18
    Location:
    Essex
    Ratings:
    +6
  6. RichardA

    RichardA
    Guest

    Products Owned:
    0
    Products Wanted:
    0
    Ratings:
    +0
    That's the one I was looking for !

    Thanks Simon
     
  7. chicken balti

    chicken balti
    Guest

    Products Owned:
    0
    Products Wanted:
    0
    Ratings:
    +0
    Richard,

    Looks like both of the players I mentioned are stricken with the bug! Given that the 'spoiled' signal is output from the dvd player itself is there any gizmo that can intercept and correct the signal before it gets to the projector? I realise that newer players will (should?) have the problem resolved by implementing mpeg decoders that have this issue fully resolved, in the meantime is there anything that can be done to eradicate or minimise its effects?

    Cheers
     
  8. CarlB

    CarlB
    Active Member

    Joined:
    Jan 8, 2001
    Messages:
    1,101
    Products Owned:
    0
    Products Wanted:
    0
    Trophy Points:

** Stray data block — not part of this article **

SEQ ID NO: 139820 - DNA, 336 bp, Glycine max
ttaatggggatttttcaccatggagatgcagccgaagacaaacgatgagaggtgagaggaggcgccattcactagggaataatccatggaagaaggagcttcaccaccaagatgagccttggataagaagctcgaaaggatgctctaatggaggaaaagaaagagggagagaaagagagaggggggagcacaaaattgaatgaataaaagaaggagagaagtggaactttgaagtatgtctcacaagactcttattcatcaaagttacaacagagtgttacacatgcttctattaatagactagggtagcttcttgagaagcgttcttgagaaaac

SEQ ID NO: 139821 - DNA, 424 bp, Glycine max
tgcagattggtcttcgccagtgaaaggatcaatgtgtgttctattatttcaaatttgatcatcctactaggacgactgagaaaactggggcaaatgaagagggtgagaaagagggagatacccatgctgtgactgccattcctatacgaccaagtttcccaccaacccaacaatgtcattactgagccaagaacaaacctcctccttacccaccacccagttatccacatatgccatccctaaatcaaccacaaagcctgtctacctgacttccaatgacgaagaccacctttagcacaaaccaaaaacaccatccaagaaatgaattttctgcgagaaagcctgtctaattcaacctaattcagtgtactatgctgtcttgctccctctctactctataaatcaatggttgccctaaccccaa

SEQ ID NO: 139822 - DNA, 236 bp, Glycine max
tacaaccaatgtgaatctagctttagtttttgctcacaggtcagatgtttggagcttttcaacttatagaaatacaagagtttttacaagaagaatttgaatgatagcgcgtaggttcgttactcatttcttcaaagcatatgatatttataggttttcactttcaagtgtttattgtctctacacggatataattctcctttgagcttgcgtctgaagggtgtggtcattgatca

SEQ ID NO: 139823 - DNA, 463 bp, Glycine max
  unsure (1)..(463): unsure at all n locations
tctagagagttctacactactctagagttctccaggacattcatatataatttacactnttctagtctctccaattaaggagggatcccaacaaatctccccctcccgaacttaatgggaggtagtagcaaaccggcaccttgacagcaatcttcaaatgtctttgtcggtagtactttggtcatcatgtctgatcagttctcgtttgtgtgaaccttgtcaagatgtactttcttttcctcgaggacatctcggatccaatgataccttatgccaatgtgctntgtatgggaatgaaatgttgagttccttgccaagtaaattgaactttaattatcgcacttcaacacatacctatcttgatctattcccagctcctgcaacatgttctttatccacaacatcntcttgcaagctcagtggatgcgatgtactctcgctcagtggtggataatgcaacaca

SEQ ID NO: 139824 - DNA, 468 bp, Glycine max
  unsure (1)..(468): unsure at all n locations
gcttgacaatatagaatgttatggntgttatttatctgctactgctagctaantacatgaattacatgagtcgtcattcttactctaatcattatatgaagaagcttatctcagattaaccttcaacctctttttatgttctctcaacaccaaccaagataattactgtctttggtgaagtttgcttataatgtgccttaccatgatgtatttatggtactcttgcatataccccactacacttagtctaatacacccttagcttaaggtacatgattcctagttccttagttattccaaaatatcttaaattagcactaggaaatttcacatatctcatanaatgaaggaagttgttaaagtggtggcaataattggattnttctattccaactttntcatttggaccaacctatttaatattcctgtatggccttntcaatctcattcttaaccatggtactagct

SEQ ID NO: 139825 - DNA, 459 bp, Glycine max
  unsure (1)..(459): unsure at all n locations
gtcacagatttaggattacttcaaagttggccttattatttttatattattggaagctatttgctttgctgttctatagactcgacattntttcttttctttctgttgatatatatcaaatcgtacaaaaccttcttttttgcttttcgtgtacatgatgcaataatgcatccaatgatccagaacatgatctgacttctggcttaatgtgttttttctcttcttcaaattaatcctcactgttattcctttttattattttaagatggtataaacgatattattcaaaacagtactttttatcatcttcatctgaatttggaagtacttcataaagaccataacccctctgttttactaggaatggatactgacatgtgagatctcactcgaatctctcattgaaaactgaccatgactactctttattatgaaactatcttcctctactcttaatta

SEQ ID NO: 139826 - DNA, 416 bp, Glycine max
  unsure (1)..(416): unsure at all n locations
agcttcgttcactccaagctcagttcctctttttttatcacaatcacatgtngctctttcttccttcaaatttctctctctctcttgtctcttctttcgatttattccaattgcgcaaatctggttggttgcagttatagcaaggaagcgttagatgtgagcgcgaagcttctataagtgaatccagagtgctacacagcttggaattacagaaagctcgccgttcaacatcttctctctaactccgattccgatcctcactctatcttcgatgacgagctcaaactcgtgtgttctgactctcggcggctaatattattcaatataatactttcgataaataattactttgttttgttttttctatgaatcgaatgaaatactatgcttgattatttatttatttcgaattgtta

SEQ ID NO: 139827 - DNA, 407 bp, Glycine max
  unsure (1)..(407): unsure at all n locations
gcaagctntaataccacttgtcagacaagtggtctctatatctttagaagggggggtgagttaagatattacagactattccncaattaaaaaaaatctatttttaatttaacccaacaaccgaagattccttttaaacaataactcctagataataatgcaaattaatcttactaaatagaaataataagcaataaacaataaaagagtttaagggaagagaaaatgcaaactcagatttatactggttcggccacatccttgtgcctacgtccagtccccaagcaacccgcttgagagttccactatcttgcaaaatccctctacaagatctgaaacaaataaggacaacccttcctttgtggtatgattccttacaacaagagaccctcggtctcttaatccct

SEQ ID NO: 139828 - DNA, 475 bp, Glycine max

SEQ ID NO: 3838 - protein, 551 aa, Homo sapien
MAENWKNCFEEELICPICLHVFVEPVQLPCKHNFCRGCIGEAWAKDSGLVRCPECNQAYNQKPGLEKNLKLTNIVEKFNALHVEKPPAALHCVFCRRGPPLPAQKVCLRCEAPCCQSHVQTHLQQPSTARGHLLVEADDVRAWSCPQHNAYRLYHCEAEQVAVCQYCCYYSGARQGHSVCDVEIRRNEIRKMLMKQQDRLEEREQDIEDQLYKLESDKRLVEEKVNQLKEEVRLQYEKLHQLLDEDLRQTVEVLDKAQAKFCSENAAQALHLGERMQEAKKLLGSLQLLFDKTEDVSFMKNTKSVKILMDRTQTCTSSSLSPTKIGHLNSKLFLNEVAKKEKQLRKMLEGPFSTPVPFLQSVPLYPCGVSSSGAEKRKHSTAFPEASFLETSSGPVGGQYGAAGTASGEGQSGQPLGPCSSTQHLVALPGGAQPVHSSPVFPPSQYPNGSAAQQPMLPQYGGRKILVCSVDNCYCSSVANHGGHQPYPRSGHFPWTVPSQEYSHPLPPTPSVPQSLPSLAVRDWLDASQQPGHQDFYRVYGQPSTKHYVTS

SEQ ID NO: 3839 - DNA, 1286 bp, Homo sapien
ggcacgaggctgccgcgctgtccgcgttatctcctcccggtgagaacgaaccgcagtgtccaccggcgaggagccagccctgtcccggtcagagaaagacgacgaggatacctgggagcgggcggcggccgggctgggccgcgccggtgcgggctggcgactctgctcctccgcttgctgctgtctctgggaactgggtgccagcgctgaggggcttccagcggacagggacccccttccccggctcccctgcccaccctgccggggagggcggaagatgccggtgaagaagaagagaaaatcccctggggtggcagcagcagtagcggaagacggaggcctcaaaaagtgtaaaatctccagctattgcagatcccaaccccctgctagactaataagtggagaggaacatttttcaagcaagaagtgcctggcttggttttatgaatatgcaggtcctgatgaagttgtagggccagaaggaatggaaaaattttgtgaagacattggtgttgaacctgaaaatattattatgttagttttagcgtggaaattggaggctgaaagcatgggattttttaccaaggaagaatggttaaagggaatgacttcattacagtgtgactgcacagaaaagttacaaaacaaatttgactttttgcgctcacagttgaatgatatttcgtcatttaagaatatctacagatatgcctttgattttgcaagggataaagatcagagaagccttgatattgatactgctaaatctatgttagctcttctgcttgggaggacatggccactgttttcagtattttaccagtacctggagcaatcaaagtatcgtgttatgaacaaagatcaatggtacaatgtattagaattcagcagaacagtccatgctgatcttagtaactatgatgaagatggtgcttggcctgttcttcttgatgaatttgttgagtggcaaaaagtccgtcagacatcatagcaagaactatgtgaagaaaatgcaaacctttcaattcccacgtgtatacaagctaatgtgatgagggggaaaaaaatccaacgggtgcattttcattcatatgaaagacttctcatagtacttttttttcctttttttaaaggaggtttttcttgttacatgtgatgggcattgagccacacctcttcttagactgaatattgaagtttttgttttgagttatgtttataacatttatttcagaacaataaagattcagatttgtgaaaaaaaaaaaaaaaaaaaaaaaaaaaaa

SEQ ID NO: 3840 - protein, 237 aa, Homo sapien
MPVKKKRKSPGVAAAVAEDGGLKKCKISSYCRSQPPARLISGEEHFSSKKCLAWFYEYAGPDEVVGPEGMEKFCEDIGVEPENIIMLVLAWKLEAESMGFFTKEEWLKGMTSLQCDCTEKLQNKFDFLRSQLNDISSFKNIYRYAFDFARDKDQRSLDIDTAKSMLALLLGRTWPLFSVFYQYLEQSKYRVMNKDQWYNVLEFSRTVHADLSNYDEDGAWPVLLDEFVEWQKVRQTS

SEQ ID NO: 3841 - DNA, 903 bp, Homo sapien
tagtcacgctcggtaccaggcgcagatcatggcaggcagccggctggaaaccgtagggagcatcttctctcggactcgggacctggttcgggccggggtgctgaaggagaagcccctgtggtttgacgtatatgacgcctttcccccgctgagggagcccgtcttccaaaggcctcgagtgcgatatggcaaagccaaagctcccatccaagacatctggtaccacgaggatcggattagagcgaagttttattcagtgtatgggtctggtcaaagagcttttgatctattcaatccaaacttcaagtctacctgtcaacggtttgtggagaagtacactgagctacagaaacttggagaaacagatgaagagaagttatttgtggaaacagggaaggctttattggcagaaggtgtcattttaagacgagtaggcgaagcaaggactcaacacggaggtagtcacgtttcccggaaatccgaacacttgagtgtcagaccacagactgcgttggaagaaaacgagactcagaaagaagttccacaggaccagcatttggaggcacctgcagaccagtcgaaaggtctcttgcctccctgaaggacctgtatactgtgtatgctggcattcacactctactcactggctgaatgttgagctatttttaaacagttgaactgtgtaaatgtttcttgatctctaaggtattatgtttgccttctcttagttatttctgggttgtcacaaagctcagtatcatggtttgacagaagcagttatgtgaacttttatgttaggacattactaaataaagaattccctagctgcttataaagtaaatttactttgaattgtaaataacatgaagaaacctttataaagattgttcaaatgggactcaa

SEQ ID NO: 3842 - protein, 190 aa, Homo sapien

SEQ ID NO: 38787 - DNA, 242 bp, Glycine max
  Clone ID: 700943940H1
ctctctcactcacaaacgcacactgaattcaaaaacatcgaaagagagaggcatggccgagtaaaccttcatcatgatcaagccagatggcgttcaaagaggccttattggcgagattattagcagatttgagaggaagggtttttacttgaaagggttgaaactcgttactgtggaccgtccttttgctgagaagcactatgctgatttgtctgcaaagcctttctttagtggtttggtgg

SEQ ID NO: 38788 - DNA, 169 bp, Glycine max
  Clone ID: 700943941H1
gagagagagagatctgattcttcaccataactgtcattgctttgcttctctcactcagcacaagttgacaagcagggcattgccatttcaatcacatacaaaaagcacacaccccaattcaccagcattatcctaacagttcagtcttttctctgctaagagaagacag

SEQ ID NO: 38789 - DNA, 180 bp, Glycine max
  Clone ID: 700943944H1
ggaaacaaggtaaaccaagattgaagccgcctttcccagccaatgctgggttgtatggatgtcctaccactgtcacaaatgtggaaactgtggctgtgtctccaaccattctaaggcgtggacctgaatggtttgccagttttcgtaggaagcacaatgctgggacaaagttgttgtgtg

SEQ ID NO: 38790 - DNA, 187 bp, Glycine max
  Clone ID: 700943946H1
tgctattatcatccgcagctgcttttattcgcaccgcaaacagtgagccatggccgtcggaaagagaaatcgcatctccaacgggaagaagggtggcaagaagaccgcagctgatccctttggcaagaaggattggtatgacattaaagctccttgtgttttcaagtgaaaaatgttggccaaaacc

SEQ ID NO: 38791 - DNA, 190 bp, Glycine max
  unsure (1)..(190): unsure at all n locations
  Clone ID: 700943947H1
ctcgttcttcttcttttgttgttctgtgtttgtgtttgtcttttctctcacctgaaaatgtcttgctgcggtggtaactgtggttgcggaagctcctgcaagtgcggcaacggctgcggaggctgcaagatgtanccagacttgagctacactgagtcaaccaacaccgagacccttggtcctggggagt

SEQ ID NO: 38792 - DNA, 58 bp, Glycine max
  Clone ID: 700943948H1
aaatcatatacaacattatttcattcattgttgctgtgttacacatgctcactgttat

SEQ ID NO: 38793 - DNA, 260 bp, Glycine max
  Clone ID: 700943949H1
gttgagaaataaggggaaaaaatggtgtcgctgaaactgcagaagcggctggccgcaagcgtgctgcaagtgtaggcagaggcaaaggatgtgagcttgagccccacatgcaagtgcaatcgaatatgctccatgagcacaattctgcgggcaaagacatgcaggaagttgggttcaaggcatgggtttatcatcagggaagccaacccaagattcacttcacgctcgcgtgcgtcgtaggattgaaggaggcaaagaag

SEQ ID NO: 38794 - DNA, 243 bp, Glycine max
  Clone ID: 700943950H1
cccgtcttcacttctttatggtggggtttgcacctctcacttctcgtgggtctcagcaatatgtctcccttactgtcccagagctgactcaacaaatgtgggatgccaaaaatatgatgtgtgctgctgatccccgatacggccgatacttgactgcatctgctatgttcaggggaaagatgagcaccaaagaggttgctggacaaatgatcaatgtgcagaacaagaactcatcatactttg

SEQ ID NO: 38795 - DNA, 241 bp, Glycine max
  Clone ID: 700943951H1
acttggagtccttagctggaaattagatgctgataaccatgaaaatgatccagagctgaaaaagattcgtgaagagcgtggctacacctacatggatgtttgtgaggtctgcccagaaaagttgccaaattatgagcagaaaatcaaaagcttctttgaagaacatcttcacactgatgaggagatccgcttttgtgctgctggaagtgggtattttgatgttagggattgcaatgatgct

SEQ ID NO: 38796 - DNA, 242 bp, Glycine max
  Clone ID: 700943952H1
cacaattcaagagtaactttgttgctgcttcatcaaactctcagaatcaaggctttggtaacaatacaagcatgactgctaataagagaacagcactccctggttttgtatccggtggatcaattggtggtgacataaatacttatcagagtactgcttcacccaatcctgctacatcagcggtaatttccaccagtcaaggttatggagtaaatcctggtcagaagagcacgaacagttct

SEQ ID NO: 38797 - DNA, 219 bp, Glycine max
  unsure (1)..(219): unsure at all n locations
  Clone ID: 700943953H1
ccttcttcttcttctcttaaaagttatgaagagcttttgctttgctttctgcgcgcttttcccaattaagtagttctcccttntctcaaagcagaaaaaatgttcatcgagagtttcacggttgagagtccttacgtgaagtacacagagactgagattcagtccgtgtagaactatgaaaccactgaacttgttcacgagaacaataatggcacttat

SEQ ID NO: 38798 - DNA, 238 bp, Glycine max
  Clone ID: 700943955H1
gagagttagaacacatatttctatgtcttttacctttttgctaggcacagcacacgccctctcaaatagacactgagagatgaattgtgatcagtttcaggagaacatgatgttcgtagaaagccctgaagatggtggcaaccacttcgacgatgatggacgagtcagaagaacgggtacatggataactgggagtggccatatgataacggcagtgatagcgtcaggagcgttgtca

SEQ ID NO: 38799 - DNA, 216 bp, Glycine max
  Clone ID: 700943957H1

51
    Location:
    Godmanchester, Cambs
    Ratings:
    +86
    Richard,

    You mention that it is not usually possible to see the effect on an interlaced display, but I have the exact same problem on my Toshiba 40WHO8B.

    I am using a Toshiba SD9000 DVD player connected via component to the TV and have noticed the heavy 'stair-stepping' effect on the DVDs you mentioned.

    Do you have any idea why these artifacts are displayed? It may have something to do with the 'natural' processing mode on the TV, I will try switching to standard 100Hz mode (no frame store) later today and report my findings.
     
  9. RichardA

    RichardA
    Guest

    Products Owned:
    0
    Products Wanted:
    0
    Ratings:
    +0
    Guys,

    There is no way to fix the bug once it's there - it's a fundamental problem in the chipset, with this problem you can't reverse it succesfully.

    It may be visible on a 100Hz set due to the reduction in flicker in the display - that's what hides it from view on interlace sets.

    Hope this helps
     
  10. uncle eric

    uncle eric
    Guest

    Products Owned:
    0
    Products Wanted:
    0
    Ratings:
    +0
    A screaming example of the Chroma bug can be seen on the movie '3000 Miles To Graceland'.
    In the opening scenes where Kurt Russell parks his Red American classic and the kid is messing around with it, the whole car is in smears (as viewed through a freinds Denon 2800) particularly the edges are virtually screaming chroma bug HERE.

    Eric
     

Share This Page

Loading...